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Complexity of simulating quantum systems

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Complexity of simulating quantum systems on classical computers Barbara Terhal IBM Research Computational Quantum Physics Physically-Relevant Quantum States Efficient ... – PowerPoint PPT presentation

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Title: Complexity of simulating quantum systems


1

Complexity of simulating quantum systems on
classical computers
Barbara Terhal IBM Research
2
Computational Quantum Physics
  • Computational quantum physicists (in
    condensed-matter physics, quantum chemistry etc.)
    have been in the business of showing how to
    simulate and understand properties of many-body
    quantum systems using a classical computer.
  • Heuristic and ad-hoc methods dominate, but the
    claim has been that these methods often work well
    in practice.
  • Quantum information science has and will
    contribute to computational
  • quantum physics in several ways
  • Come up with better simulation algorithms
  • Make rigorous what is done heuristically/approxim
    ately in computational physics.
  • Delineate the boundary between what is possible
    and what is not. That is
  • show that certain problems are hard for classical
    (or even quantum) computers
  • in a complexity sense.

3
Physically-Relevant Quantum States
local interactions are between O(1) degrees of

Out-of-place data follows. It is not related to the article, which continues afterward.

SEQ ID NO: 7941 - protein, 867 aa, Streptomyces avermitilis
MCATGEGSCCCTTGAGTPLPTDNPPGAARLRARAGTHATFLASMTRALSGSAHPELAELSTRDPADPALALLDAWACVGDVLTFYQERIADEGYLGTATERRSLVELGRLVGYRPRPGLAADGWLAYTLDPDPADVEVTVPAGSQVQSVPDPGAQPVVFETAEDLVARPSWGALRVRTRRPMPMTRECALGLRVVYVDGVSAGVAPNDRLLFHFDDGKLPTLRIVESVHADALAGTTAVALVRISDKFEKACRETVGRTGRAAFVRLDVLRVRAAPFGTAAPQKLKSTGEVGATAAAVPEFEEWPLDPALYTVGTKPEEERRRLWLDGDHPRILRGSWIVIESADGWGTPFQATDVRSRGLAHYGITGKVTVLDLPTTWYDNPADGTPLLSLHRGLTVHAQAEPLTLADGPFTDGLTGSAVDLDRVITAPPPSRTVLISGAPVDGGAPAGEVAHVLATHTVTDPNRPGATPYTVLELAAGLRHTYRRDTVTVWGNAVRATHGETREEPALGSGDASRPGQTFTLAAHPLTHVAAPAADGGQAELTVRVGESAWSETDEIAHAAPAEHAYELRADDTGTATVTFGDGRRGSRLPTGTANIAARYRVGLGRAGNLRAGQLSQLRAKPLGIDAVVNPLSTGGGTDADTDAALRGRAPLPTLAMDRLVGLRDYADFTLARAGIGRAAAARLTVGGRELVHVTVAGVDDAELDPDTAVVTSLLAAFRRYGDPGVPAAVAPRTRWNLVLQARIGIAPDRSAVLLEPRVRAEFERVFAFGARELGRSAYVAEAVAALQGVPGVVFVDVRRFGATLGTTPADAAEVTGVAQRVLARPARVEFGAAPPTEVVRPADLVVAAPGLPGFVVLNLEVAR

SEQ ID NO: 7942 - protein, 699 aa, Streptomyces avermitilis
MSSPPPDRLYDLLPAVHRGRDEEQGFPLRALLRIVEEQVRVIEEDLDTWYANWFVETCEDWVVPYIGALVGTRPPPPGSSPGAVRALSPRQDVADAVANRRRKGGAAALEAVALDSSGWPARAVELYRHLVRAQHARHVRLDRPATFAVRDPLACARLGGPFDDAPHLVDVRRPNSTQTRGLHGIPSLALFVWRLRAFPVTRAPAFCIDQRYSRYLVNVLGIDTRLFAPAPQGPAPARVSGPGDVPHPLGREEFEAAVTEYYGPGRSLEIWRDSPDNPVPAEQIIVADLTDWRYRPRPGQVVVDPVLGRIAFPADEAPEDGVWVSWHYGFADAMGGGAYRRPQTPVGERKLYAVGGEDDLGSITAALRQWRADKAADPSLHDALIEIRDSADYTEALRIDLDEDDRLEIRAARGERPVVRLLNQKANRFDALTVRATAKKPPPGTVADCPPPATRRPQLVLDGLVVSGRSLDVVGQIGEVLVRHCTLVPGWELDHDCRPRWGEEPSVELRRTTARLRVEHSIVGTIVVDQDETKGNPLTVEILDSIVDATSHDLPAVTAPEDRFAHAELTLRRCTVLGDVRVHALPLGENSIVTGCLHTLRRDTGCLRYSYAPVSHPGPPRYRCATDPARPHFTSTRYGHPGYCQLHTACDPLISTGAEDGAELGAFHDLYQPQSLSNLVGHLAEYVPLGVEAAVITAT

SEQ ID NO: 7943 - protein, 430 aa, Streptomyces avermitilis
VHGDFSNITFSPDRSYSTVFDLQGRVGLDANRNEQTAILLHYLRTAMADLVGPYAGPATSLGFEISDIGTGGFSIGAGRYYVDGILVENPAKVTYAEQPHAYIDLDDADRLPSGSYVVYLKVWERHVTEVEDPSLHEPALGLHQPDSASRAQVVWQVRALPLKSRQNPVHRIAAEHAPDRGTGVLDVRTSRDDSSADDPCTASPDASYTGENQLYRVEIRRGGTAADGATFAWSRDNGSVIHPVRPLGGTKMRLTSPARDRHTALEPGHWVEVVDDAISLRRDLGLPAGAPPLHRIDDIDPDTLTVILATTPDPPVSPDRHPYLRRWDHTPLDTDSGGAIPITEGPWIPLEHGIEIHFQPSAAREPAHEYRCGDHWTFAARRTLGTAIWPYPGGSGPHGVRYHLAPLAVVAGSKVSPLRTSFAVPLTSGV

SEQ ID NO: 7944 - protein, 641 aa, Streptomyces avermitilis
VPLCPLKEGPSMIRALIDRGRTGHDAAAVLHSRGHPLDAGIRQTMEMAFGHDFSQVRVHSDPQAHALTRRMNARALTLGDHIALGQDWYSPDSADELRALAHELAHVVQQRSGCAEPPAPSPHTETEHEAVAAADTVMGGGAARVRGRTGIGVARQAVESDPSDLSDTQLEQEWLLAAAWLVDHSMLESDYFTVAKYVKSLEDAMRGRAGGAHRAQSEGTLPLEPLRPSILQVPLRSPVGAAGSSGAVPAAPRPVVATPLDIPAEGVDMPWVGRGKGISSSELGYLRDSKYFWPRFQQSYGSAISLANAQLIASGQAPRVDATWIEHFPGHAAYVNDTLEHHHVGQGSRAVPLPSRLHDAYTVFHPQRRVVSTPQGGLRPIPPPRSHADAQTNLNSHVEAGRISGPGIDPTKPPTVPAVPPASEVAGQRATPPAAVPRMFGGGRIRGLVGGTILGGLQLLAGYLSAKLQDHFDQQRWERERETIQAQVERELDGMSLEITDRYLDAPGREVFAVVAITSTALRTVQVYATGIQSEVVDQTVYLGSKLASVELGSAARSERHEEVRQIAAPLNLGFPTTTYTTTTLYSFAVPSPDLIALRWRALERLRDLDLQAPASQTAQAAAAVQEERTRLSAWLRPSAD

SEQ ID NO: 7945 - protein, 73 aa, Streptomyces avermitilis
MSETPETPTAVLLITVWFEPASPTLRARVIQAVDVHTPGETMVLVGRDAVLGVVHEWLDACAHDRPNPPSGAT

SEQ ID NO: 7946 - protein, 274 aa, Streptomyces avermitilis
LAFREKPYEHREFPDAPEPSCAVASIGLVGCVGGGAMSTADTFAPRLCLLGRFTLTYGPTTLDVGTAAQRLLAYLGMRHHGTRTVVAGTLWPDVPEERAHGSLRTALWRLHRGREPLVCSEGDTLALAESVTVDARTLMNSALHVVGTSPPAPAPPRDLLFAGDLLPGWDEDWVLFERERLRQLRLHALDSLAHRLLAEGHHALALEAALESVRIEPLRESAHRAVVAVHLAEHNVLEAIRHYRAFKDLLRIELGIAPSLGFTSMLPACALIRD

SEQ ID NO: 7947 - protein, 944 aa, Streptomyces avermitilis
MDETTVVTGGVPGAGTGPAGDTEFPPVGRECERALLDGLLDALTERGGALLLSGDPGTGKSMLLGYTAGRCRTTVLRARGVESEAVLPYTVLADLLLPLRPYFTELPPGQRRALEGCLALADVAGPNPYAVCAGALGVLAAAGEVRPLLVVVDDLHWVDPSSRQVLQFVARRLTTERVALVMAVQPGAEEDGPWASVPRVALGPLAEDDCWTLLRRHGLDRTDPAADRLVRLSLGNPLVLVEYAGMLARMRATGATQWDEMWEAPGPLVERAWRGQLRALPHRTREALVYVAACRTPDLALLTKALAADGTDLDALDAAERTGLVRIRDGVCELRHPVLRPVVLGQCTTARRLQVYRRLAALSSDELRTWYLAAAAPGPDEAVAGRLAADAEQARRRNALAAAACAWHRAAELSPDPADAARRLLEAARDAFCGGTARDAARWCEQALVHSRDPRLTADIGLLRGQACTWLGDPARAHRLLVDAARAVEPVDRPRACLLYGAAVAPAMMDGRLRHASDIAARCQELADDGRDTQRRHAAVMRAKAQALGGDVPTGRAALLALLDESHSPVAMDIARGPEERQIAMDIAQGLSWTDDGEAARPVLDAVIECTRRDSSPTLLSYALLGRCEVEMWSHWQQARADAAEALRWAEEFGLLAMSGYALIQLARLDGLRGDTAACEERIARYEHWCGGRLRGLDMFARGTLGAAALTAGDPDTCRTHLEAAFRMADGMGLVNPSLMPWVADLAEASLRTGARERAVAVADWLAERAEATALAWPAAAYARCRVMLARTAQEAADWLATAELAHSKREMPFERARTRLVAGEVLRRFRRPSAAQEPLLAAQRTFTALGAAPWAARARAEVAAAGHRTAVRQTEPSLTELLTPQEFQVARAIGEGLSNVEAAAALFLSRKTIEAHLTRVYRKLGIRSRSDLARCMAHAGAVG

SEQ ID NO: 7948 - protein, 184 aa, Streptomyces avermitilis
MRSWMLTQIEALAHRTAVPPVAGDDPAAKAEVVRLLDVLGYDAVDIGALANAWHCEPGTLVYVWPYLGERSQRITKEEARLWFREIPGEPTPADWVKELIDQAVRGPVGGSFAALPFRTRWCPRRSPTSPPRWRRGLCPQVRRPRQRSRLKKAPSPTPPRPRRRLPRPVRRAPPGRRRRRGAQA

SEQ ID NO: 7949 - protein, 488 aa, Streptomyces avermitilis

freedom (e.g. qubits)
4
Efficient Classical Descriptions
5
Matrix Product States
6
1st Generalization Tree Tensor Product States
7
2nd Generalization Tensor Product States or PEPS
8
Properties of MPS and Tree-TPS
9
Properties of tensor product states
PEPS and TPS perhaps too general for classical
simulation purposes
10
Quantum Circuit Point of View
Past Light Cone





Max width
11
Quantum Circuit Point of View
12
Quantum Circuit Point of View
13
Area Law
14
Classical Simulations of Dynamics
15
Lieb-Robinson Bounds
Lieb-Robinson Bound Commutator of operator A
with backwards propagated B decays
exponentially with distance between A and B,
when A is outside Bs effective past light-cone.
Bulk Past Light Cone
A
B
16
Stoquastic Hamiltonians
17
Examples of Stoquastic Hamiltonians
Particles in a potential Hamiltonian is a sum
of a diagonal potential term in position xgt and
off-diagonal negative kinetic terms
(-d2/dx2). All of classical and quantum
mechanics. Quantum transverse Ising model
Ferromagnetic Heisenberg models (modeling
interacting spins on lattices) Jaynes-Cummings
Hamiltonian (describing atom-laser interaction),
spin-boson model, bosonic Hubbard models,
Bose-Einstein condensates etc. D-Waves Orion
quantum computer Non-stoquastic are typically
fermionic systems, charged particles in a
magnetic field. Stoquastic Hamiltonians are
ubiquitous in nature. Note that we only consider
ground-state properties of these Hamiltonians.
18
Stoquastic Hamiltonians
19
Frustration-Free Stoquastic Hamiltonians
20
Conclusion
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